FRONT ROYAL, Va. — Copper Aitken-Palmer was only a month into her new job when she made the front page of The Washington Post. After performing an emergency cesarean section on a cheetah, Aitken-Palmer delivered the two baby cheetahs featured in a Page One photo on May 23. Sadly, two other cubs were lost during the procedure.
“It’s a tough pill to swallow that we lost two,” the 34-year-old veterinarian says. “You always push yourself, you want to do better, you want to do more, and so for me, everyone gives me a pat on the back for the two that survived, but it’s tough for me, too, that two didn’t.”
(PICTURES: National Zoo's New Baby Cheetahs)
Many kids love animals and dream of becoming a veterinarian, but the career path is usually forgotten by the time college rolls around. Aitken-Palmer was the little girl who dragged around Volume A of the encyclopedia because it contained the animals. The Kansas City, Mo., native would proclaim she was going to work with giant pandas, a statement her mom would laugh off. “I don’t ever remember wanting to be anything but a vet,” Aitken-Palmer says.
Aitken-Palmer’s ambition is evident. After graduating from Eckerd College, she began the process of applying to veterinary schools. Conscious of the difficulty of being accepted, she e-mailed authors of papers she found interesting to inquire about summer opportunities and graduate programs. One of those e-mails went to David Wildt, senior scientist and head of the Center for Species Survival at the National Zoological Park.
“He didn’t respond for five months, so I figured that he wasn’t going to,” Aitken-Palmer says. And when he did respond, Aitken-Palmer had been accepted at Kansas State University’s College of Veterinary Medicine. But Wildt offered her the opportunity to spend her summers at the Smithsonian Conservation Biology Institute in Front Royal, Va.
“I did very unglamorous work. I didn’t work with animals at all,” she says. “I cleaned freezers, worked in the hormone lab, worked with poop.”
Her work at Front Royal allowed her to simultaneously obtain her master’s degree through a collaboration between Kansas State and the Smithsonian. After graduation, Aitken-Palmer was offered a chance to study giant-panda reproduction at the University of Maryland (College Park) for her doctorate. So the little girl who declared she would one day work with giant pandas spent about three months a year for four years studying the animal in China.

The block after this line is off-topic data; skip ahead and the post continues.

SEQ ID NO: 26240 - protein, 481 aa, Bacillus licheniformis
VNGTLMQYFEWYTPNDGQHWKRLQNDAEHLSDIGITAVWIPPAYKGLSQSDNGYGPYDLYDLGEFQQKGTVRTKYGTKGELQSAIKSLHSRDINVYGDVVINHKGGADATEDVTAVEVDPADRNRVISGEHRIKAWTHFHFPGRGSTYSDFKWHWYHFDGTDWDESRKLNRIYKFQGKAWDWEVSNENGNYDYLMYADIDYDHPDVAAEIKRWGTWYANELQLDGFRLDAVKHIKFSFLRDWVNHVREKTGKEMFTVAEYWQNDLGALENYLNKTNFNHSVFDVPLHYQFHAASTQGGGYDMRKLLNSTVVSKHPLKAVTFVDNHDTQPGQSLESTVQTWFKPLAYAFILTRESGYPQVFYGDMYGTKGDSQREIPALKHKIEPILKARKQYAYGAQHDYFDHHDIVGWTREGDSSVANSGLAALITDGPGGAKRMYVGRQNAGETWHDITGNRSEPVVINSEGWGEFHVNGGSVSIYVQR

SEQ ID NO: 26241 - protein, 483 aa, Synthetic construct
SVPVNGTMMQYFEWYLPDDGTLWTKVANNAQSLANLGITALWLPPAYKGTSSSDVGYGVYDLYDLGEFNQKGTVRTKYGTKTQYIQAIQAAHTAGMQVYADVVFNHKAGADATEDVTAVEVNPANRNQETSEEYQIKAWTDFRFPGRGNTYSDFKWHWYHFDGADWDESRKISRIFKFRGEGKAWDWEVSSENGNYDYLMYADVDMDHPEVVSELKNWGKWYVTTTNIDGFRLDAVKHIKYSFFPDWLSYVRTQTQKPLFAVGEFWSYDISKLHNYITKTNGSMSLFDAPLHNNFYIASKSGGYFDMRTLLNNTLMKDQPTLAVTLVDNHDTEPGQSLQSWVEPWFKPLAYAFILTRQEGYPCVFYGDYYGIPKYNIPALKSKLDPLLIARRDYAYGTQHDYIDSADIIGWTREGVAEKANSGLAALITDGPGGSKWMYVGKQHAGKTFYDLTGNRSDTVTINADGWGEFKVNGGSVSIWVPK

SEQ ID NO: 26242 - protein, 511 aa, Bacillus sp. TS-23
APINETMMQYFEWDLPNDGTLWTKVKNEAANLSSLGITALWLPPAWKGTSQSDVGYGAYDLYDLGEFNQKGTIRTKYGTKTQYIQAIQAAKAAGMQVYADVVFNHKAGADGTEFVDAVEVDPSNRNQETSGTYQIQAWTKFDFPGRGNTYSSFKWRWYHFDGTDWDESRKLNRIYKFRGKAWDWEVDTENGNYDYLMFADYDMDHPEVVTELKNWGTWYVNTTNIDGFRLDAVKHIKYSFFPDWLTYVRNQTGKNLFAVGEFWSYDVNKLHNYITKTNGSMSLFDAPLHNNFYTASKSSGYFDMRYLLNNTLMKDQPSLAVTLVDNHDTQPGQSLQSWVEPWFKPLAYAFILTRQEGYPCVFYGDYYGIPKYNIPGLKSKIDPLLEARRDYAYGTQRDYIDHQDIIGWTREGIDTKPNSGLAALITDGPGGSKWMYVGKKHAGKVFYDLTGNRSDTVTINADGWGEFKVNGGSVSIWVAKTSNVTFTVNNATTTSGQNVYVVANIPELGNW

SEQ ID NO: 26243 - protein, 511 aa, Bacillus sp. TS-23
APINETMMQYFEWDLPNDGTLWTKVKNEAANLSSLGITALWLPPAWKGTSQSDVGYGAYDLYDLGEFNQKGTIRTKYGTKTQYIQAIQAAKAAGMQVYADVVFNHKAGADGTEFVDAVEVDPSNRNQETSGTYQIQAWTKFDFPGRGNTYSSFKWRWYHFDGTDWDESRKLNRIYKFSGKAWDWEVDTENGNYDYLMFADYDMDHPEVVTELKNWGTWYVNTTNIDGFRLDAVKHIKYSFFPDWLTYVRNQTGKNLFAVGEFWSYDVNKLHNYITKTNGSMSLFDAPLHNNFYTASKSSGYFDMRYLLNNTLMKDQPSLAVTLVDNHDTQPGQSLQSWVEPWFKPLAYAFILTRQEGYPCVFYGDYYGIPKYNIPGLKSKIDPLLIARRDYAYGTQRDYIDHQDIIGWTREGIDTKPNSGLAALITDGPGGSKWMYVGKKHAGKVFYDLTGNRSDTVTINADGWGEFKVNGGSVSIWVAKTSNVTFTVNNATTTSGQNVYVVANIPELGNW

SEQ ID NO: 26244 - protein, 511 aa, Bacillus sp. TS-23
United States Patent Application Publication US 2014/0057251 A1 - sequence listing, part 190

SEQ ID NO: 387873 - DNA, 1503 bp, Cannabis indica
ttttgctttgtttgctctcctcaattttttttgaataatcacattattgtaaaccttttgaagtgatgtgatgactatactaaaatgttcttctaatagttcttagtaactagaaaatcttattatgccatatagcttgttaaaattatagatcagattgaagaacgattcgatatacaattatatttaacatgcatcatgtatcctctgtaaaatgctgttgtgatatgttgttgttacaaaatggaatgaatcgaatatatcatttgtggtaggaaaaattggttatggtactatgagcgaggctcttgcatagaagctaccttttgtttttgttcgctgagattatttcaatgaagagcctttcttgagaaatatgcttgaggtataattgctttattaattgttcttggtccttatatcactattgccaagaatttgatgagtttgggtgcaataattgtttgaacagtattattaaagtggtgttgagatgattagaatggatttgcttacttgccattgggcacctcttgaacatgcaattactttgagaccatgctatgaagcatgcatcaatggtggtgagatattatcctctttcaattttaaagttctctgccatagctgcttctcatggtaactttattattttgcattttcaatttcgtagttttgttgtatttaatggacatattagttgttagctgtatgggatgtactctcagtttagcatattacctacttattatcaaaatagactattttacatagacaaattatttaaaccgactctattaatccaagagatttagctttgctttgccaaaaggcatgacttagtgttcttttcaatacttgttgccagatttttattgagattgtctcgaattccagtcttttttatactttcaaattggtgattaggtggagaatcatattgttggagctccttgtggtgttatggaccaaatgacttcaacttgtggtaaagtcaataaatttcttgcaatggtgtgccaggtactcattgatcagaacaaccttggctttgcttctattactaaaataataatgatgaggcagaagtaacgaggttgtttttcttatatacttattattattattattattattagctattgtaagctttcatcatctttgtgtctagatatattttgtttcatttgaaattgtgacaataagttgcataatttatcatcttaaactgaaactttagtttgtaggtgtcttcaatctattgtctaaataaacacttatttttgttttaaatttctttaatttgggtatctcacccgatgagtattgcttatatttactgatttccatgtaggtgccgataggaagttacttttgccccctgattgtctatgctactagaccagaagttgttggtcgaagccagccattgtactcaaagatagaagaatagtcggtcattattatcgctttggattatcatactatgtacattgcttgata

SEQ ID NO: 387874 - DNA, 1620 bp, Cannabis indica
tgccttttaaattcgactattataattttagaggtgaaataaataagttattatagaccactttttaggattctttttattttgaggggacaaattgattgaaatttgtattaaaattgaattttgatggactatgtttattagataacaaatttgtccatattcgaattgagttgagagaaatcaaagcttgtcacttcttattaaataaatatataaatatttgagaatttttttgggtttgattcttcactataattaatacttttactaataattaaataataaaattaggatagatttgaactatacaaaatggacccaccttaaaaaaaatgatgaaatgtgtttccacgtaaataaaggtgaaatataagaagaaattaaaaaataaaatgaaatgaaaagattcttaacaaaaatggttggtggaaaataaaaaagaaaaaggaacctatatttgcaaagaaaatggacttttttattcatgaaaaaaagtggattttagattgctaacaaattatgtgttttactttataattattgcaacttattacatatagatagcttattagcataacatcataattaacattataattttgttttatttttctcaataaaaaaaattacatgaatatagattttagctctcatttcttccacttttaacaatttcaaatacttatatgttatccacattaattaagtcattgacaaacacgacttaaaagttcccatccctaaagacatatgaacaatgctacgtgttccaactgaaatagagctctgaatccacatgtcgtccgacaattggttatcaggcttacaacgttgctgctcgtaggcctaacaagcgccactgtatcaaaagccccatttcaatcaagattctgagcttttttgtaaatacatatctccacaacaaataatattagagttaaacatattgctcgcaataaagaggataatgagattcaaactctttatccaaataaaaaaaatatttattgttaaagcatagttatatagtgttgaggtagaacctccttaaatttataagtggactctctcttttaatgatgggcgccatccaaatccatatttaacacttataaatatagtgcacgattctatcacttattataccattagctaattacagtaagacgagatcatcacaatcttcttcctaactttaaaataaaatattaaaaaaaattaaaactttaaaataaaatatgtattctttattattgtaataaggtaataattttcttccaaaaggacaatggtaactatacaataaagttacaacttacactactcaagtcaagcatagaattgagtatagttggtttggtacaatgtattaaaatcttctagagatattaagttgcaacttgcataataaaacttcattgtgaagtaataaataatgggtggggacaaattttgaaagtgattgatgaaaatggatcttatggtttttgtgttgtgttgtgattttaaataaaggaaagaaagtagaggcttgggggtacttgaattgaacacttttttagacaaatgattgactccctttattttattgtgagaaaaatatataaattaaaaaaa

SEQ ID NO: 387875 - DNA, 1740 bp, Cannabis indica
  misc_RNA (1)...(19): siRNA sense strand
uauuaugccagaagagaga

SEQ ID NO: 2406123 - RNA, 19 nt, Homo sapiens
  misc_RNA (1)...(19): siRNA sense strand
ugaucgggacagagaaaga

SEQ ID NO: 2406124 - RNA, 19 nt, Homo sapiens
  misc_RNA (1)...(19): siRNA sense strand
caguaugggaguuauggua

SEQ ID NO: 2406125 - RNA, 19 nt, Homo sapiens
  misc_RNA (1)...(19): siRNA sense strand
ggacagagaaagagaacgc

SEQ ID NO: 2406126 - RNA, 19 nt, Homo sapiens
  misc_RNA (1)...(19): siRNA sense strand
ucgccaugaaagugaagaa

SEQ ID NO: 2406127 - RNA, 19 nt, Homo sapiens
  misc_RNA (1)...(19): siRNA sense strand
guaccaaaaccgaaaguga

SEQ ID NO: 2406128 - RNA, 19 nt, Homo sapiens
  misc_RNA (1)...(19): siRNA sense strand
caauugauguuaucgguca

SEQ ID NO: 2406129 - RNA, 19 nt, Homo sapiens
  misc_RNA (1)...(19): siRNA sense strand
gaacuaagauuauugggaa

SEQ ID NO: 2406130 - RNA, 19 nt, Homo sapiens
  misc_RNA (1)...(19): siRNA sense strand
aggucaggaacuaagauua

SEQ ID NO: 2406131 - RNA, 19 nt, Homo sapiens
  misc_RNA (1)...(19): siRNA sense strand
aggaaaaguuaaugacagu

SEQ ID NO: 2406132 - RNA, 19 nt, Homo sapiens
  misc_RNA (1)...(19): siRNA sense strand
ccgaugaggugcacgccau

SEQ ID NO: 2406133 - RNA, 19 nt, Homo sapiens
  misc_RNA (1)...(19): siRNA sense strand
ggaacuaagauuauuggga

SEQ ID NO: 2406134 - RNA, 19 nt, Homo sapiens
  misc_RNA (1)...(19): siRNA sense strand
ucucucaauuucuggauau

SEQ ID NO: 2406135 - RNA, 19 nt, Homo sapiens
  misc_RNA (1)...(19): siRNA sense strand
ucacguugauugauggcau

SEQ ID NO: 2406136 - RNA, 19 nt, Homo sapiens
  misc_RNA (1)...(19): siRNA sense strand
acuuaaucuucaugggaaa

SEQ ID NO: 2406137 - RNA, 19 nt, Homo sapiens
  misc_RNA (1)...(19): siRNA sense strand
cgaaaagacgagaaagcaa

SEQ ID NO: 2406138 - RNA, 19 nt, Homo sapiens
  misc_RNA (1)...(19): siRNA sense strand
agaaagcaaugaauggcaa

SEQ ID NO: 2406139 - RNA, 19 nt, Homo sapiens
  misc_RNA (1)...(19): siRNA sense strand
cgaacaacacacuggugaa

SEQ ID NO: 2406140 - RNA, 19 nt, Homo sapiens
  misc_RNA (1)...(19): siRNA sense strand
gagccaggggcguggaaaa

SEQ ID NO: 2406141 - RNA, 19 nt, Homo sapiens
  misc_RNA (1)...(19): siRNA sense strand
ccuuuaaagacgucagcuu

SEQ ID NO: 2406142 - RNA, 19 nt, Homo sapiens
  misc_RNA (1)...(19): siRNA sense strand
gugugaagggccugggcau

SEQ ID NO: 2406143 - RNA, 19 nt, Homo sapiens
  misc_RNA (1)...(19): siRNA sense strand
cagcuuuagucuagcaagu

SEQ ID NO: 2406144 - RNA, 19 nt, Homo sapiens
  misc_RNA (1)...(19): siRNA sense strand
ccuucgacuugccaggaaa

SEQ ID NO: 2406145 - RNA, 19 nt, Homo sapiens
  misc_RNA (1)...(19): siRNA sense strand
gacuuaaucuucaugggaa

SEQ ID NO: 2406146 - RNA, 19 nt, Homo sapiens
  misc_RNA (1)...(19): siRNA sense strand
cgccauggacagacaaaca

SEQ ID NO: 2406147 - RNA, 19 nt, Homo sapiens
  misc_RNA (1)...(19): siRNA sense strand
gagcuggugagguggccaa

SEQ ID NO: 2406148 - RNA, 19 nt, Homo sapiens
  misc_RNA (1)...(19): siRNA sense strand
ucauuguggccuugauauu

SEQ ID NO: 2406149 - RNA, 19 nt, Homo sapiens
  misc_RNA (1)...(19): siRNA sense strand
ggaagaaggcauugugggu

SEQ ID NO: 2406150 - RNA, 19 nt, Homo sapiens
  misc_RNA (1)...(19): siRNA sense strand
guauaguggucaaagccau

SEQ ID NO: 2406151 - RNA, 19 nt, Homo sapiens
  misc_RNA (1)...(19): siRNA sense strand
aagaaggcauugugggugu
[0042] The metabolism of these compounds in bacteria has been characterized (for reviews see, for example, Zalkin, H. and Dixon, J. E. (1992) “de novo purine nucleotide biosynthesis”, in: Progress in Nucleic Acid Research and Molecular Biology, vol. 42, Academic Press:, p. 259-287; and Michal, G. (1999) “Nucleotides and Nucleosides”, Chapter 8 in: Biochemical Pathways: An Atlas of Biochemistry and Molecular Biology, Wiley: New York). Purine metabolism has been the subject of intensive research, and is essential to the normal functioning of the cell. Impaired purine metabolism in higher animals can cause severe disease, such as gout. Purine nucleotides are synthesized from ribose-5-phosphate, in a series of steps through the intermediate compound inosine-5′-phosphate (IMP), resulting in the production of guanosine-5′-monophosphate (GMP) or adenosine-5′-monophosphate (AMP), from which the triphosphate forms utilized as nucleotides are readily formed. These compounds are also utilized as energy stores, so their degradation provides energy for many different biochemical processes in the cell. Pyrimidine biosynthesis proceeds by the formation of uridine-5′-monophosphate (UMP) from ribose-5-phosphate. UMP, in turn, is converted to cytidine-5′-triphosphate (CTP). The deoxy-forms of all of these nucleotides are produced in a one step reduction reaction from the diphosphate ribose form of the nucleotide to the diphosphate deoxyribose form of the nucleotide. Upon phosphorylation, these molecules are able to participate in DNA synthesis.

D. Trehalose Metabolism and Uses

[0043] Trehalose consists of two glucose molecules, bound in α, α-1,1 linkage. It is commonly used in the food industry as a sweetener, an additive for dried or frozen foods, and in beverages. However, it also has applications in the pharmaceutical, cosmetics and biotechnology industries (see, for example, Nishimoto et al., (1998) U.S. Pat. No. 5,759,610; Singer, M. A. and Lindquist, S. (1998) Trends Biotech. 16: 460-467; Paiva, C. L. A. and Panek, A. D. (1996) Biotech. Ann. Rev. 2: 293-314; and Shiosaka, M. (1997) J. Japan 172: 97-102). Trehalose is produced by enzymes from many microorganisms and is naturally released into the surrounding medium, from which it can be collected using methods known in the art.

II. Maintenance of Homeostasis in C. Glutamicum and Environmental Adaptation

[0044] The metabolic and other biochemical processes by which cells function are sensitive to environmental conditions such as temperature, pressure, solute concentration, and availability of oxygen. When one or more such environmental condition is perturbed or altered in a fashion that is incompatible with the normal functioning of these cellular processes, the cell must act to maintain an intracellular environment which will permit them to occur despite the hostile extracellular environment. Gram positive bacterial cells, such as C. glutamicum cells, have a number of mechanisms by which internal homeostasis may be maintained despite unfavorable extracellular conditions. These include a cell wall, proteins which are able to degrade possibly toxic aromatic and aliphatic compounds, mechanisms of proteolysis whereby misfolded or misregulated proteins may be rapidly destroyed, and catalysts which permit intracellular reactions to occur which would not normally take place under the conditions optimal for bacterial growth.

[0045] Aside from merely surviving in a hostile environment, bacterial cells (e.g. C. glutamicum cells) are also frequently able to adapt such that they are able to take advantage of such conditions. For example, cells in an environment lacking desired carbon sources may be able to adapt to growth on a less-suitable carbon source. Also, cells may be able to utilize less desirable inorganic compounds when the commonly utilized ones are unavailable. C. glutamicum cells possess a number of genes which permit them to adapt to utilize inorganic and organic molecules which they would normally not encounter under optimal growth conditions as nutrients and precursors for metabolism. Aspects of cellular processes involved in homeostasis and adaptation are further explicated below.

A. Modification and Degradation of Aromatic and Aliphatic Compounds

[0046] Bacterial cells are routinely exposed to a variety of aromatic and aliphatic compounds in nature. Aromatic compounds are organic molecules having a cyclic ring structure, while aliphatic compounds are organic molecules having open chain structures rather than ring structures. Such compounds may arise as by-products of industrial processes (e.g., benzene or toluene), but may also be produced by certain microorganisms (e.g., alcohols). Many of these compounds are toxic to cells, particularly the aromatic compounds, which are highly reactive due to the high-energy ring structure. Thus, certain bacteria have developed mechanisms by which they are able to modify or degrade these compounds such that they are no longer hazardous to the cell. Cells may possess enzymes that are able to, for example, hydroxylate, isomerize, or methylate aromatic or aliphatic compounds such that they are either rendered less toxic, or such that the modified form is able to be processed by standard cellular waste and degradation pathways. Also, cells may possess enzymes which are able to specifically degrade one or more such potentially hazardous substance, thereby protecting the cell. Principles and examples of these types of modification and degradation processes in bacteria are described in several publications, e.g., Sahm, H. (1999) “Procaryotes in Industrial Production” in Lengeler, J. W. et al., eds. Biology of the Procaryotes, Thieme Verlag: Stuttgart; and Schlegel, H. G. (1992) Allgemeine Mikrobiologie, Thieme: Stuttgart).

That same little girl grew up to also work with animals in South Africa, Vietnam, Scotland, and Thailand. When asked if she would have imagined when she was growing up that she would one day work in Asia, she says, “No way. I mean, no way, right?”
“I’m an example that if you want it bad enough and you work for it, and maybe accept some sacrifices to make it happen, you can make it happen,” she says.
Aitken-Palmer’s work and studies have taken her all over the country. A homecoming occurred three months ago, though, when she rejoined the Smithsonian as the veterinarian at the Front Royal campus.
“This is a dream job,” she says. “If you had told me 10 years ago when I was out here cleaning freezers that in 10 years I would be the vet, I would have said, ‘Oh stop joking, that’s too good to be true.’ I’m thrilled to be here.”
Of course, Aitken-Palmer’s position isn’t only delivering cubs. As the sole veterinarian on the 3,500-acre Front Royal campus, her day can consist of reading medical records, observing animals from afar, and talking to the nutritionist. Some days can even consist of giving a white rhinoceros an enema.
“There are a lot of parts to the job that aren’t fun. It’s definitely a dirty job,” she says. “Everyone thinks it’s like National Geographic all day, every day, but it’s not.”
That’s not to say she doesn’t enjoy the time spent with animals. It’s difficult to imagine petite Aitken-Palmer giving a white rhinoceros an enema, but she promises it’s easy. She compares them to big dogs and says one of the biggest surprises she’s encountered in her position is how an animal so big and potentially dangerous is trainable.
“It never gets old, seeing a 2,000-pound animal trotting over because it’s excited to see you,” she says.
The white rhinoceros may be an easy patient, but it’s the cheetah that she would choose if she could only work with one animal for the rest of her career. Cheetahs present unique health challenges for veterinarians that keep her work interesting. It’s fitting that her first major surgery at Front Royal was on the animal. And as for the births that put her name on the front page?
“It’s a high point that’s going to be tough to beat,” she says.
Both cubs were healthy and active at their last checkup on Thursday. They are expected to make their public debut later this summer at the National Zoo’s Cheetah Conservation Station.
This article appears in the June 12, 2012, edition of National Journal Daily.